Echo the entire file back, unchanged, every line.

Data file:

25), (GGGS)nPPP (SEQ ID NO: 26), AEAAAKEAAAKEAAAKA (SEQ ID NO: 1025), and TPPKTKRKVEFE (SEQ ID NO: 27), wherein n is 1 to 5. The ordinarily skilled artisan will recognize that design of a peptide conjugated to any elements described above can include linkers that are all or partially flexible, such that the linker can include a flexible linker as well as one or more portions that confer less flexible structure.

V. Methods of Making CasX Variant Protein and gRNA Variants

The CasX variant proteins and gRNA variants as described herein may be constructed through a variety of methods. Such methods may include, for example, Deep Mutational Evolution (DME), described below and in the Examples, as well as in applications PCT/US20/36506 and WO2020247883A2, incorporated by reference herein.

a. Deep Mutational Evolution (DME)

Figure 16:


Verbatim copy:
25), (GGGS)nPPP (SEQ ID NO: 26), AEAAAKEAAAKEAAAKA (SEQ ID NO: 1025), and TPPKTKRKVEFE (SEQ ID NO: 27), wherein n is 1 to 5. The ordinarily skilled artisan will recognize that design of a peptide conjugated to any elements described above can include linkers that are all or partially flexible, such that the linker can include a flexible linker as well as one or more portions that confer less flexible structure.

V. Methods of Making CasX Variant Protein and gRNA Variants

The CasX variant proteins and gRNA variants as described herein may be constructed through a variety of methods. Such methods may include, for example, Deep Mutational Evolution (DME), described below and in the Examples, as well as in applications PCT/US20/36506 and WO2020247883A2, incorporated by reference herein.

a. Deep Mutational Evolution (DME)

Figure 16: